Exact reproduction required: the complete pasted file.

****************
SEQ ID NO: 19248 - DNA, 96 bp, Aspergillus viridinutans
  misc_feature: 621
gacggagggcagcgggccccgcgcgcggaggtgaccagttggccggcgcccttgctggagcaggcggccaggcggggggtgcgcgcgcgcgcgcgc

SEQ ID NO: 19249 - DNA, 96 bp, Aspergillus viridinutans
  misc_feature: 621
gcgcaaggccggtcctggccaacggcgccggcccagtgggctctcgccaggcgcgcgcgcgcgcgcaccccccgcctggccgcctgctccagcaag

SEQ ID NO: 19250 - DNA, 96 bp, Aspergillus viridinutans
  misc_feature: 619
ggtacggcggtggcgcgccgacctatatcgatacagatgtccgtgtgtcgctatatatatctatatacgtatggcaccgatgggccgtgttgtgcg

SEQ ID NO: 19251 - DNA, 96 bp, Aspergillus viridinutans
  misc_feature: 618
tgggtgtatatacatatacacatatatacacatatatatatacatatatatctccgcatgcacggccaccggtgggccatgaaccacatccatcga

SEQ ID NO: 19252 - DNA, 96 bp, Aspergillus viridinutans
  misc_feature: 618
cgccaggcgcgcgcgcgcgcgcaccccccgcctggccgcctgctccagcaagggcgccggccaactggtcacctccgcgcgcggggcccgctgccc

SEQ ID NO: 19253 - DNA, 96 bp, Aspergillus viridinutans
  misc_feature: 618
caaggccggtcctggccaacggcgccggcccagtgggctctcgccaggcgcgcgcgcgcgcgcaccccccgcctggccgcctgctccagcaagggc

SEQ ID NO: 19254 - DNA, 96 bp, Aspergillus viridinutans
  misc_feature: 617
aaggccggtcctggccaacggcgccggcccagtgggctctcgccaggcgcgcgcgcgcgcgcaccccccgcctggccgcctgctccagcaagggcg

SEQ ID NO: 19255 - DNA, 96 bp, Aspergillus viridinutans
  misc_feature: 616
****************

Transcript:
SEQ ID NO: 19248 - DNA, 96 bp, Aspergillus viridinutans
  misc_feature: 621
gacggagggcagcgggccccgcgcgcggaggtgaccagttggccggcgcccttgctggagcaggcggccaggcggggggtgcgcgcgcgcgcgcgc

SEQ ID NO: 19249 - DNA, 96 bp, Aspergillus viridinutans
  misc_feature: 621
gcgcaaggccggtcctggccaacggcgccggcccagtgggctctcgccaggcgcgcgcgcgcgcgcaccccccgcctggccgcctgctccagcaag

SEQ ID NO: 19250 - DNA, 96 bp, Aspergillus viridinutans
  misc_feature: 619
ggtacggcggtggcgcgccgacctatatcgatacagatgtccgtgtgtcgctatatatatctatatacgtatggcaccgatgggccgtgttgtgcg

SEQ ID NO: 19251 - DNA, 96 bp, Aspergillus viridinutans
  misc_feature: 618
tgggtgtatatacatatacacatatatacacatatatatatacatatatatctccgcatgcacggccaccggtgggccatgaaccacatccatcga

SEQ ID NO: 19252 - DNA, 96 bp, Aspergillus viridinutans
  misc_feature: 618
cgccaggcgcgcgcgcgcgcgcaccccccgcctggccgcctgctccagcaagggcgccggccaactggtcacctccgcgcgcggggcccgctgccc

SEQ ID NO: 19253 - DNA, 96 bp, Aspergillus viridinutans
  misc_feature: 618
caaggccggtcctggccaacggcgccggcccagtgggctctcgccaggcgcgcgcgcgcgcgcaccccccgcctggccgcctgctccagcaagggc

SEQ ID NO: 19254 - DNA, 96 bp, Aspergillus viridinutans
  misc_feature: 617
aaggccggtcctggccaacggcgccggcccagtgggctctcgccaggcgcgcgcgcgcgcgcaccccccgcctggccgcctgctccagcaagggcg

SEQ ID NO: 19255 - DNA, 96 bp, Aspergillus viridinutans
  misc_feature: 616